Immigration Detention: Victims of Modern Slavery

Part of the debate – in the House of Commons at 1:59 pm on 17th July 2019.

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Photo of Diane Abbott Diane Abbott Shadow Home Secretary 1:59 pm, 17th July 2019

Thank you, Mr Speaker, for granting this urgent question. On 19 June this year, the Immigration Minister provided a written answer on the possible immigration detention of persons who are in fact victims of slavery. The written answer read as follows:

“there is no central record” of such persons, and

“The Home Office therefore does not collate or publish the data requested”.

However, we now learn from a freedom of information request by The Independent that that is not the case: 500 victims of enslavement or trafficking were held in immigration detention. I have myself visited Yarl’s Wood detention centre and met such persons.

In response to an earlier written question on 20 December last year, the Immigration Minister said:

“in cases in which it has been found that there are reasonable grounds to believe that an individual may be a victim of trafficking or modern slavery, the appropriateness of their being detained, or of their detention continuing, is governed by the Home Office’s modern slavery policy. This means that such individuals will not be detained”.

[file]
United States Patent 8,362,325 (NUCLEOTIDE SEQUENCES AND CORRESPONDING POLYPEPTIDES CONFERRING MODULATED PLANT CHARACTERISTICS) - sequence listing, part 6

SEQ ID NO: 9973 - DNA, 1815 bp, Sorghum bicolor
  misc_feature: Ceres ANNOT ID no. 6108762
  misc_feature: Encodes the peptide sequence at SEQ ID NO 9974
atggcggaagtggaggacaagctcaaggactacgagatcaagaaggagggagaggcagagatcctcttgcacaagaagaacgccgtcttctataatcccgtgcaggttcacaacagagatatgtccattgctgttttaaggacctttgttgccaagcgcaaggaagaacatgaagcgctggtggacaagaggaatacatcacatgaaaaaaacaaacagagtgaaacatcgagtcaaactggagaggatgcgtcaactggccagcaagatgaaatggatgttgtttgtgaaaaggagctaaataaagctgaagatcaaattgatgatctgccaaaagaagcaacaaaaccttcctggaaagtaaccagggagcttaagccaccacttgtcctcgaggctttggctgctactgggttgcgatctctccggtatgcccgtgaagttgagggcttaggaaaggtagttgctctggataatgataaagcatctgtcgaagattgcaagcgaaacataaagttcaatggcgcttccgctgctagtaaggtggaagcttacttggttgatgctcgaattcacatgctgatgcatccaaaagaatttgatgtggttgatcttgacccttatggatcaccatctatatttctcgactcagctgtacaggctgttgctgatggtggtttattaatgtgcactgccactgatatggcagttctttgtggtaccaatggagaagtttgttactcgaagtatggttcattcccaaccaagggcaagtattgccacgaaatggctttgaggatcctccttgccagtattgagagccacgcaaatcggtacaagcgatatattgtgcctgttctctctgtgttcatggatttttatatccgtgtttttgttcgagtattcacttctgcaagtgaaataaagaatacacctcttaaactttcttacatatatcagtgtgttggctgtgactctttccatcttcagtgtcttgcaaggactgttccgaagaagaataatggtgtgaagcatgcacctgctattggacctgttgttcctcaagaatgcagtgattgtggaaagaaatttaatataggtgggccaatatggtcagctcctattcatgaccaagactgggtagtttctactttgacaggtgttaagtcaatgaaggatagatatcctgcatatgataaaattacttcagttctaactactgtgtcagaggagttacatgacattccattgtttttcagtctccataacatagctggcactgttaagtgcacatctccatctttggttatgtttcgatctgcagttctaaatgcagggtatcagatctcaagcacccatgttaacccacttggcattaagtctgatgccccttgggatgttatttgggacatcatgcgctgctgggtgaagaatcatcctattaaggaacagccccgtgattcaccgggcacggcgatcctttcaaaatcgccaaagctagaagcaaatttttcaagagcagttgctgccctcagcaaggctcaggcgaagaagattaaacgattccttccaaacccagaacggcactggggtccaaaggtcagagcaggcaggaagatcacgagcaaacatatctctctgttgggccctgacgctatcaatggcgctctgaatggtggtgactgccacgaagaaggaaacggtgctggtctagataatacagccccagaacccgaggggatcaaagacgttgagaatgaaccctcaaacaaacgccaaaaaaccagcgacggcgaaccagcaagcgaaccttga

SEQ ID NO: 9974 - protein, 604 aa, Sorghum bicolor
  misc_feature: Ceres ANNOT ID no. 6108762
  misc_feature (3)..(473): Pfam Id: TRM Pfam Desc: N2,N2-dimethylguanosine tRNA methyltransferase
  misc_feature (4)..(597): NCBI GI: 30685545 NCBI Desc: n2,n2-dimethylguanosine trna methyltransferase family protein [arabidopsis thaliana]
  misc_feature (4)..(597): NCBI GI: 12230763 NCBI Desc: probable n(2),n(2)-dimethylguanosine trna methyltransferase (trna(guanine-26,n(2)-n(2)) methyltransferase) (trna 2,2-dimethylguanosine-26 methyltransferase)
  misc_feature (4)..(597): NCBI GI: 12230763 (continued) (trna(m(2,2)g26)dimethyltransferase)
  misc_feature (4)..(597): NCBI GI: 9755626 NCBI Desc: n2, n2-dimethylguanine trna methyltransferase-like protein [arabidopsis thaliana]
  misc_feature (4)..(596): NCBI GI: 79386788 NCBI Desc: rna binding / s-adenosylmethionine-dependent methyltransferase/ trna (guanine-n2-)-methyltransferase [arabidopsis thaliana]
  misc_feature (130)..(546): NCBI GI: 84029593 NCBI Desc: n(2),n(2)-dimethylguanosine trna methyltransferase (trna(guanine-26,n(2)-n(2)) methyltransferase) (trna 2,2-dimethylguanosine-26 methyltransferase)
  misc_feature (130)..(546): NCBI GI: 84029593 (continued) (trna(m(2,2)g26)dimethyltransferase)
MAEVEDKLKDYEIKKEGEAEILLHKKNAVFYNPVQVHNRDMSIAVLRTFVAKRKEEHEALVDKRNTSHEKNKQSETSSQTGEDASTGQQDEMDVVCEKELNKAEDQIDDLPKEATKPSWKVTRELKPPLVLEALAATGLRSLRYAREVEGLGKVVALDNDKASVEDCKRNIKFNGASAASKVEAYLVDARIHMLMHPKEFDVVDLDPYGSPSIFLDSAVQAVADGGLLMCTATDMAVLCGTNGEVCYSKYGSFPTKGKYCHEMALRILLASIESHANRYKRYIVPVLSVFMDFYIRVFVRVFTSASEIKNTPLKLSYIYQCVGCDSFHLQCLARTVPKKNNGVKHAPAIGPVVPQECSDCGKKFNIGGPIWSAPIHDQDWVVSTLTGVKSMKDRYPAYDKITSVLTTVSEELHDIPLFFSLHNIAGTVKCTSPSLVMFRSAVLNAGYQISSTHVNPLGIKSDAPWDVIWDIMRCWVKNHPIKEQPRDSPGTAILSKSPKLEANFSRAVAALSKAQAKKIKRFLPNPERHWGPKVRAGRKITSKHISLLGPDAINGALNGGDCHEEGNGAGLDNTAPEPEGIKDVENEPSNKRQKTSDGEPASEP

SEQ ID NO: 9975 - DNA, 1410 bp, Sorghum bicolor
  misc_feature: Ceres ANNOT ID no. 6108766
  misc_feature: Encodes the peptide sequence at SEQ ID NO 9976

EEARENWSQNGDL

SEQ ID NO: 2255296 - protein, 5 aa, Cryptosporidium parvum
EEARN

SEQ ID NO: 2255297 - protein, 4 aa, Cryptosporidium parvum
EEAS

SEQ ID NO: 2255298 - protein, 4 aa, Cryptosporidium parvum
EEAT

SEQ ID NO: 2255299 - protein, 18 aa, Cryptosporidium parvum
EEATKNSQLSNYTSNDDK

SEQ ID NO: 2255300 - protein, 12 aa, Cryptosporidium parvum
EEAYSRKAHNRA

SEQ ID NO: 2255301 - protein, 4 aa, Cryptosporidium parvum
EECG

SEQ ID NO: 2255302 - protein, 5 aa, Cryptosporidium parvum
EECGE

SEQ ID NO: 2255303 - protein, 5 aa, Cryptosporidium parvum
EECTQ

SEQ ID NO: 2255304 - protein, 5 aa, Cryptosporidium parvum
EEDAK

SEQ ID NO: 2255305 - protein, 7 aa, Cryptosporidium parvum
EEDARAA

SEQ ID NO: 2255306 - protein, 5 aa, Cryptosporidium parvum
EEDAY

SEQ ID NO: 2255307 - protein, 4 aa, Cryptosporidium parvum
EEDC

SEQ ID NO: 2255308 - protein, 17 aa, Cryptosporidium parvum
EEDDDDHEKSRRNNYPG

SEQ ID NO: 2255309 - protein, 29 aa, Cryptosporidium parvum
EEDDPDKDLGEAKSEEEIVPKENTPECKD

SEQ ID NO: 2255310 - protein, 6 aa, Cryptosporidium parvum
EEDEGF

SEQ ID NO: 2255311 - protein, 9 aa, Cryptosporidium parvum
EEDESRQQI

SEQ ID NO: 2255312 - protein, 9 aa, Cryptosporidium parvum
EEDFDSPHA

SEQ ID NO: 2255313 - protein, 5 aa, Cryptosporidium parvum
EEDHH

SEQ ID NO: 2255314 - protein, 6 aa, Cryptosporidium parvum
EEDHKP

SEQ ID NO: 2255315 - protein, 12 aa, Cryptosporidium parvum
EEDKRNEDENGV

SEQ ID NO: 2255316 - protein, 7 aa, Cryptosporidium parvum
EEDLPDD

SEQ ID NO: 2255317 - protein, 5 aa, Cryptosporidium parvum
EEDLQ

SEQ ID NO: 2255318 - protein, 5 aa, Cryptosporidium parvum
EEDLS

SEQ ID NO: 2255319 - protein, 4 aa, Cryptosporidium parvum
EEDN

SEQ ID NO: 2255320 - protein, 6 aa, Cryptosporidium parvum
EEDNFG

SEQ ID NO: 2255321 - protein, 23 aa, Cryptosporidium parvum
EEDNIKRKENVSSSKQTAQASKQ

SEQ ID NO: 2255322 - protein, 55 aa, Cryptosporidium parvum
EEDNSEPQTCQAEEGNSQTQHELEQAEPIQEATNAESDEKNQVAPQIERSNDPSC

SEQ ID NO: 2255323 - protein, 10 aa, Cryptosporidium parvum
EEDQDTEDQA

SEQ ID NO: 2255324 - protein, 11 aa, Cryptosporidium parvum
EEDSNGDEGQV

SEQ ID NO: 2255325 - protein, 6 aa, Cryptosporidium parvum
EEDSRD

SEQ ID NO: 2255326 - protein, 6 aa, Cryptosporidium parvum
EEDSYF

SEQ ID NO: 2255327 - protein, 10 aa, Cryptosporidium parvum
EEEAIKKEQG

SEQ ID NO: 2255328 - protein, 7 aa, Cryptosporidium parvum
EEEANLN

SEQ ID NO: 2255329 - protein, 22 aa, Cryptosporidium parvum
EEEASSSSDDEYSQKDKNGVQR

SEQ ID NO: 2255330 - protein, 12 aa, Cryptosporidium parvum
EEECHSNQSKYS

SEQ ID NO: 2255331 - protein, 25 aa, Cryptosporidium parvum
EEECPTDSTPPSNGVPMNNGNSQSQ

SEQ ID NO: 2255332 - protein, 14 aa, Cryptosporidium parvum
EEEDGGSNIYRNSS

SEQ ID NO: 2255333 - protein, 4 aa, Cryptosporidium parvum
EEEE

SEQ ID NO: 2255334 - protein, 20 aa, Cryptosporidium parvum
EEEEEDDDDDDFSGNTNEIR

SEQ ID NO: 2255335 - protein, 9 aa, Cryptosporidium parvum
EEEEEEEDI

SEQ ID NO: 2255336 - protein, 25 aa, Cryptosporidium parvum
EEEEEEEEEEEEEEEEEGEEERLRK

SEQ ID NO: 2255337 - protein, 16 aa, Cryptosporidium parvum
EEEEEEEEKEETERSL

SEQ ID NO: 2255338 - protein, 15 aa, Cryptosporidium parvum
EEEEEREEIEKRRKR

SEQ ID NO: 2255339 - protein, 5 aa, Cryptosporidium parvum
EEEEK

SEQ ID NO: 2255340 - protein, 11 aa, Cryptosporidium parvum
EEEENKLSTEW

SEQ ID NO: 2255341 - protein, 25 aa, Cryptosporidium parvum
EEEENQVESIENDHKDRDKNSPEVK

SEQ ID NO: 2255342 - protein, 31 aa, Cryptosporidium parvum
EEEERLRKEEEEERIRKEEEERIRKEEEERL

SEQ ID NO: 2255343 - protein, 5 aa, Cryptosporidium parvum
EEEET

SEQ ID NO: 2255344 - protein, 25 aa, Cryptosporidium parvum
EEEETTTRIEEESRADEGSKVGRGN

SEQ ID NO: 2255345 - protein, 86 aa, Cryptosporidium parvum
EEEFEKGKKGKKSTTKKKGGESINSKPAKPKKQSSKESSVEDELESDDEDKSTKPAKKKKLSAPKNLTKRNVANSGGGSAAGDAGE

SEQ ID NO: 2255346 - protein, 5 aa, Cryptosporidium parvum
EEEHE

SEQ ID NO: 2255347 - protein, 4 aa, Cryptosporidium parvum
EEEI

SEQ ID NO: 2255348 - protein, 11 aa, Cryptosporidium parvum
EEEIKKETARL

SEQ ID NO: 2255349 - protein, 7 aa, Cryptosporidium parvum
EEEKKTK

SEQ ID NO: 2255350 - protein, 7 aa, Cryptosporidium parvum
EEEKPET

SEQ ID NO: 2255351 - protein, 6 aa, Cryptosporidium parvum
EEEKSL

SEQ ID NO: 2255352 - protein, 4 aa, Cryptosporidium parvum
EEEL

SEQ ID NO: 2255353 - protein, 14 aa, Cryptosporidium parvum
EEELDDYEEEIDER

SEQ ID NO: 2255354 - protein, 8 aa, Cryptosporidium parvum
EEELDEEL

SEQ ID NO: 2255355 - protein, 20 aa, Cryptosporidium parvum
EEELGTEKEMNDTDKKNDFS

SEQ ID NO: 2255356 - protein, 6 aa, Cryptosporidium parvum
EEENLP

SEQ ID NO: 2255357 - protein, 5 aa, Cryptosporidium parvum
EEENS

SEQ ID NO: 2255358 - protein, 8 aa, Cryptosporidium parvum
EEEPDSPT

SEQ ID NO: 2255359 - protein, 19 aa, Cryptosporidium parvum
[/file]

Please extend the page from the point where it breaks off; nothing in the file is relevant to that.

How many people who are victims of trafficking or modern slavery have been held in previous years? How many such people are currently held? Are the Government not in breach of their own stated policy on detention? How many of the 400 detainees were assessed as being a threat to public order and on what grounds? Does the Minister accept that when she responded to the written question saying that no data was available, she was in fact misleading the House?